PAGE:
Incidentally, the nurse told me that it was likely that I would require reconstructive surgery if my scarring hadn’t softened after 6 months, so if you like a good TMI post then watch this space, I’ll tell you all about it!

The results for my test came back normal for anyone wondering. I am so thankful that I was able to have such an important test and relieved to have good results.

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Why I decided against a home birth

I want to start by saying I LOVE the idea of a home birth and adore hearing people’s experiences of giving birth at home, so please don’t read this as anti home birth, these are just the reasons it wouldn’t have worked for me.

I had never considered a home birth until a saw a friend talking about it being what she wanted when she was pregnant and later what a wonderful experience it was. It piqued my curiosity and sure enough several of my friends had done it or planned to. I joined a group on Facebook (as you do) and started seriously considering it myself. In the end, for a couple of reasons, I opted for a birth on the midwife led unit at my local hospital.

So, why didn’t it happen?

I mentioned it to a few people, close friends and family and they were all terrified. No matter how much I explained why it was just as safe as the hospital and that it would be okay there was always fear. My husband witnessed my previous traumatic birth and still struggles with it himself and my mum had to have an emergency cesarean with my brother. These were to two people I needed on board, wholeheartedly, or it wouldn’t have worked.

I don’t want to hear how it’s my body, my birth and my choice – I know that, just ask the midwives who were around for my birth. If I had gone ahead with a plan for a home birth they both would have stood by me but not with the confidence and conviction I would have needed from them. I didn’t have my heart set on it and I certainly can’t hold it against anyone, it just wouldn’t have been right and it was 100% my choice. A home birth is supposed to be in a relaxed environment with no fear or negative energy and as supportive as they would have been if I told them that’s what I was doing I have a feeling they would have been poised to call an ambulance the entire time.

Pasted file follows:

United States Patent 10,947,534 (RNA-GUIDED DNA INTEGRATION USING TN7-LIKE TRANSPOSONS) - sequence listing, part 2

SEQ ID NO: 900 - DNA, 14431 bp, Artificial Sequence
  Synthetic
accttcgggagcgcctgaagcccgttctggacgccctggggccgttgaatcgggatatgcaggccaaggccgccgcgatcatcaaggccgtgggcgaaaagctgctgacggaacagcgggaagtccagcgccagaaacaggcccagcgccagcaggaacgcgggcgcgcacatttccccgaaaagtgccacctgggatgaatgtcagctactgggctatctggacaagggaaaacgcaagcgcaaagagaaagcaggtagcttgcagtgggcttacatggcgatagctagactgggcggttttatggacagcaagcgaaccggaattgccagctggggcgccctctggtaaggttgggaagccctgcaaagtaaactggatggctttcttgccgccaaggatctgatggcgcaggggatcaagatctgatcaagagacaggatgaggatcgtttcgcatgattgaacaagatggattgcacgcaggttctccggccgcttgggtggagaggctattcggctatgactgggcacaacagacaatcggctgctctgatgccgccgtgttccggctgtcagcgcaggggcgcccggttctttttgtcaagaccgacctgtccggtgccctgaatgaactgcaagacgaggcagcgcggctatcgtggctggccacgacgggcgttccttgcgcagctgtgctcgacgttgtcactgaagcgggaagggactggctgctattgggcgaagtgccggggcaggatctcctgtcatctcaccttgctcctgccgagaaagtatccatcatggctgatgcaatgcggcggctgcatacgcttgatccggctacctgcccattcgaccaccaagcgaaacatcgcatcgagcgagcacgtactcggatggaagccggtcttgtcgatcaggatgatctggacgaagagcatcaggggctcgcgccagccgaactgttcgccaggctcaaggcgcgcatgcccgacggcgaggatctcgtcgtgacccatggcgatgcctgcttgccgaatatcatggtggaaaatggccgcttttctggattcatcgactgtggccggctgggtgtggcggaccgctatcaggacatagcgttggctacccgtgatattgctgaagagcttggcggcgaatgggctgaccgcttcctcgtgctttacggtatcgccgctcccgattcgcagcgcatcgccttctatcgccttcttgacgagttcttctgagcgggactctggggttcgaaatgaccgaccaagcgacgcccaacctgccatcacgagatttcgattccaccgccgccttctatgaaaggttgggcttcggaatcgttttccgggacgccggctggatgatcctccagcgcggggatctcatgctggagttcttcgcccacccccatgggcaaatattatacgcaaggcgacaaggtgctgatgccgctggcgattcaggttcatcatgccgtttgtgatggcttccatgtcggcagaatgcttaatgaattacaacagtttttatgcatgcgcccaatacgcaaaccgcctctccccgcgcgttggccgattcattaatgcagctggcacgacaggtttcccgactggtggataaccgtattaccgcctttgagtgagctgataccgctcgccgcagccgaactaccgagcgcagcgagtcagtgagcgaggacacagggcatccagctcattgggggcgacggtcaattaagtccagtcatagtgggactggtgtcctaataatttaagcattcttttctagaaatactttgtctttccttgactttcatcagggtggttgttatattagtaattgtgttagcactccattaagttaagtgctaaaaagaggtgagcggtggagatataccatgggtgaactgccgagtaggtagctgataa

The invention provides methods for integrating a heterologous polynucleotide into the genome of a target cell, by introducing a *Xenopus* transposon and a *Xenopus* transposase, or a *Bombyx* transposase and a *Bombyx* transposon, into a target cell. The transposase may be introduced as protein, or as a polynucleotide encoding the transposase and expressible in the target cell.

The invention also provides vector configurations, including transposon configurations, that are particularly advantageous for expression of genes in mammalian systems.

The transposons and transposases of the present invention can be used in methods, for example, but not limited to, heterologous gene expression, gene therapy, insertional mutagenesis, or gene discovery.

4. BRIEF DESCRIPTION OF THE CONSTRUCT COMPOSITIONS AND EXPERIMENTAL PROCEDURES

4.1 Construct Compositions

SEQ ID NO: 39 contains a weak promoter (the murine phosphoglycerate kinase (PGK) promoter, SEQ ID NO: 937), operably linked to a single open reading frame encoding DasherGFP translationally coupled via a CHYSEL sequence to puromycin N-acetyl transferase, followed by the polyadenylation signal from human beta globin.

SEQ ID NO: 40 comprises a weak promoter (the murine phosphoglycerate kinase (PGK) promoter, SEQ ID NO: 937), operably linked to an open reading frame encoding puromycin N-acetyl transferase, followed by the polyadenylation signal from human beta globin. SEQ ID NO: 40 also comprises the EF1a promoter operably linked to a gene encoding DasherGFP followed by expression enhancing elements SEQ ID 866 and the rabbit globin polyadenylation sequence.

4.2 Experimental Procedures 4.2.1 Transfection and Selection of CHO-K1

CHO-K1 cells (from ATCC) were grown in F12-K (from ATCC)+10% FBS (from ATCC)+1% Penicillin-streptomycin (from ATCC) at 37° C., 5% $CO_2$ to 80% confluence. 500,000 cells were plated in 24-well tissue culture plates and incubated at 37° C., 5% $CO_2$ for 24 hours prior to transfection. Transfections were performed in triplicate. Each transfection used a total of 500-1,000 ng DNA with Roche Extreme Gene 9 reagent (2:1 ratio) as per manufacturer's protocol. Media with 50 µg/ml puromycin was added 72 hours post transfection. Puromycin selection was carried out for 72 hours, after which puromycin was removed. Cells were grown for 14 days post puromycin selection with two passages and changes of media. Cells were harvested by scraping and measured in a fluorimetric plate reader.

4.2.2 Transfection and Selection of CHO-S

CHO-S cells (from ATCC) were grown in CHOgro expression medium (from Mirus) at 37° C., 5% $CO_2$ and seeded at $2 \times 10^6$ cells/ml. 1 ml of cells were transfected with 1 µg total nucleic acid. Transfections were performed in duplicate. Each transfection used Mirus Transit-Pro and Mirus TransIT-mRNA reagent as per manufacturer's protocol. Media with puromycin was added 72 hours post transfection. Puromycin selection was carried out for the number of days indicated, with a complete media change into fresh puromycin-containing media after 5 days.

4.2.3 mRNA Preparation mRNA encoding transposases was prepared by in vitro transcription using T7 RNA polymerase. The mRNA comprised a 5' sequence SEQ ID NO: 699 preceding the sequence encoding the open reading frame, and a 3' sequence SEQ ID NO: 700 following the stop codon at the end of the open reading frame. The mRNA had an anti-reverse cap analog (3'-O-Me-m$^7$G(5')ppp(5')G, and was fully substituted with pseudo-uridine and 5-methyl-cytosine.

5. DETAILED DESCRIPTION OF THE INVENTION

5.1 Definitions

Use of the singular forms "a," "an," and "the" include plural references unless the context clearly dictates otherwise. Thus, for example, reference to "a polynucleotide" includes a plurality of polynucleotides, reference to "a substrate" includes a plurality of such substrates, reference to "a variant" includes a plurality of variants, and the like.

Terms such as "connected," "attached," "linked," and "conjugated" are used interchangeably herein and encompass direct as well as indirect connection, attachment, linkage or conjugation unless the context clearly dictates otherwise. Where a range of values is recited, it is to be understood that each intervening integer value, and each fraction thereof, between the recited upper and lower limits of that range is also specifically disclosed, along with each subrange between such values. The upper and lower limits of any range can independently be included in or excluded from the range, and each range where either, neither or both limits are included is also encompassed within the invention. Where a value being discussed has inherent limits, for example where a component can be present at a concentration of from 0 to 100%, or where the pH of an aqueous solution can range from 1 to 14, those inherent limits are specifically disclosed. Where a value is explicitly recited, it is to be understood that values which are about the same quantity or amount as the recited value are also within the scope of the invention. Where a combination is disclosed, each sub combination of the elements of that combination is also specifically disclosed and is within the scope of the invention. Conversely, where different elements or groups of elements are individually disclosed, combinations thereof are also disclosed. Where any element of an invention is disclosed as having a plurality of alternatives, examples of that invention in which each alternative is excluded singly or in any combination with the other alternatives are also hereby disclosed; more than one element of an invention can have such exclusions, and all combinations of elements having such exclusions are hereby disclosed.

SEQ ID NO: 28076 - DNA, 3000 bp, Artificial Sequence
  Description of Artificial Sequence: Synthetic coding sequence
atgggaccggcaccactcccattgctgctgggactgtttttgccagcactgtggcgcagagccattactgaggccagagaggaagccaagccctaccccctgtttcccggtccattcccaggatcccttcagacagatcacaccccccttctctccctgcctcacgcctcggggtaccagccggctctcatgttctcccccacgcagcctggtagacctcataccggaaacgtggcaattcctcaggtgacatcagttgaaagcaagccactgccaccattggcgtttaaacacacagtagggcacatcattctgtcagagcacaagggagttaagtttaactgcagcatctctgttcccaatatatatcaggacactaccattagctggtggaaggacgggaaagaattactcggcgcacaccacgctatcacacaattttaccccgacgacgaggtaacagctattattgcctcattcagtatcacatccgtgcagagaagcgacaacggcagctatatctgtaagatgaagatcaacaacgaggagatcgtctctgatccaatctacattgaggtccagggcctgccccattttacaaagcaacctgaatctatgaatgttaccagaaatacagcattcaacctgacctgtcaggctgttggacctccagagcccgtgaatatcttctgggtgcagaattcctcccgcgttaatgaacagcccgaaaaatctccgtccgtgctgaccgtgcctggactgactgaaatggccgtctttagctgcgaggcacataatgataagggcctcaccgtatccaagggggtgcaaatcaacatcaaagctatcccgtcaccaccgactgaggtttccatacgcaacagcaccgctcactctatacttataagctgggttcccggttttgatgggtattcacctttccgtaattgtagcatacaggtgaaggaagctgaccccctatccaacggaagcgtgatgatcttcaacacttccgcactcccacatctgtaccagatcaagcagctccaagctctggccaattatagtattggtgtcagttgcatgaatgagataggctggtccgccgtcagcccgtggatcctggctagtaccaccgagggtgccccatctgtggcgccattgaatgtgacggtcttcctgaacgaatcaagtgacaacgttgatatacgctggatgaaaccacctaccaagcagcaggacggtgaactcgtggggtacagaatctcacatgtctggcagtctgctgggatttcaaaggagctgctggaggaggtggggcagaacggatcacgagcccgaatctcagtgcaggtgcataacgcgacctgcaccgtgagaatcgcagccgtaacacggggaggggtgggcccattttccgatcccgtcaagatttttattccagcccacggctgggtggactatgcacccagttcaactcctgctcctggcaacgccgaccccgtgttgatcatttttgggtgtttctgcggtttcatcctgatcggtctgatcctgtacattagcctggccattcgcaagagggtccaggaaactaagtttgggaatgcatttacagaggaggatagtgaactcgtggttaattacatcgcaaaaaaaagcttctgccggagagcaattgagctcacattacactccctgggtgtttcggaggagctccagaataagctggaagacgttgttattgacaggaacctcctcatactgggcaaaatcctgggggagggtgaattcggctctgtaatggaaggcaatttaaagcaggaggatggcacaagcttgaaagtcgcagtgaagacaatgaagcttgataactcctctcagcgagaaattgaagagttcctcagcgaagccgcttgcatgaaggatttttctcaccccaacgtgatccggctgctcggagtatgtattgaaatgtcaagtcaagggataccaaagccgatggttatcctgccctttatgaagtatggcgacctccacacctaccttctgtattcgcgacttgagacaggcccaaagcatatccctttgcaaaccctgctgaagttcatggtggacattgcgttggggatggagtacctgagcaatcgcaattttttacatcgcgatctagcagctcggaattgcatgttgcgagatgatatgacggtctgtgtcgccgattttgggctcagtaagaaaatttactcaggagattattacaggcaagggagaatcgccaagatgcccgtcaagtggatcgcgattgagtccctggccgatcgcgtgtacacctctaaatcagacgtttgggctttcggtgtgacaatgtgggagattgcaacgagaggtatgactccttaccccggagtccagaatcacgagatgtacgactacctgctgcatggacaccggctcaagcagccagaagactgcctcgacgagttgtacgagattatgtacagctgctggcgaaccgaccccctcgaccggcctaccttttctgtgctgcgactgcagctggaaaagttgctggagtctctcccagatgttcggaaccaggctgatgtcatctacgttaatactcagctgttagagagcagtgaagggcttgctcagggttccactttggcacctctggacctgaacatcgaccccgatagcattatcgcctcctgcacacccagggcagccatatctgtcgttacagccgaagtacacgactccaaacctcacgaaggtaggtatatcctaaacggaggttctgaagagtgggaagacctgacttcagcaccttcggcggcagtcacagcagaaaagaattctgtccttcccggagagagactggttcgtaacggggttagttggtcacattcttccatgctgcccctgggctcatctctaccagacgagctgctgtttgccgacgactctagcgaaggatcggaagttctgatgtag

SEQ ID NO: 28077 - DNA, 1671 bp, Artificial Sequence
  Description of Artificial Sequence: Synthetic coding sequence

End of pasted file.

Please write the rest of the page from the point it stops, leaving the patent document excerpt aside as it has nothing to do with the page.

Of course, there is also the small matter of my house not being at all “birth ready”. I’ll be the first to admit that it is a total mess, particularly towards the end of pregnancy when I could hardly move without pain and a four year old with a massive aversion to tidying. Not to mention the fact that I wanted a water birth and had nowhere big enough for a birthing pool. I really didn’t fancy giving birth in the chaos.

I stuck around in the Facebook group I joined. It was a hugely helpful resource for learning my rights as a pregnant woman and helping me decide how I wanted my birth to be. I’m not sure exactly how confidently I could have delivered a 9lb 8oz baby at almost 42 weeks with no intervention without them.

I would encourage every pregnant woman looking for an empowering birth to at least look into home birth, even if you decide it isn’t for you. The things I learnt along the way shaped my attitude which got me the positive birth experience I craved.

Have you had a home birth? How was your experience?

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A New Mummykind Baby!

My baby arrived a couple of weeks ago so I thought it would only be right to introduce her to our followers with a bit of a “life update” after so many pregancy posts (and more to come from my drafts folder that need a bit of polishing up!)

As you may have noticed I don’t share the name of my son online and the same goes for my daughter, but that doesn’t mean you can’t have some gorgeous pictures of the new baby Martin.

She arrived when I was 41+3, weighing in at an eye watering 9lb8oz which might not have been so bad if she didn’t pop an arm out at the same time as her head. Not cool little lady, not cool.

We have been spending the days breastfeeding pretty much non stop, as she rather unsurprisingly has a tongue tie and tires easily when feeding. Getting used to life as a family of four has seen a handful of fairly small challenges so far, we’ll see how it is when the oldest starts school next month!

Keep an eye out for my labour and birth story and a backlog of pregnancy posts including: packing my hospital bag, why I decided against a home birth and how I handled my late term pregnancy.

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Mental Health Monday: Dealing with previous birth trauma during pregnancy

I am sitting with my midwife and letting the tears roll down my cheeks as I explain how I HAVE to be in control, even of things go wrong I NEED the information and the facts, natter how frightening they sound. I need a plan in place for everything so I know that what is happening to me is MY choice, and I consent.

Mental Health Monday: Dealing with previous birth trauma during pregnancy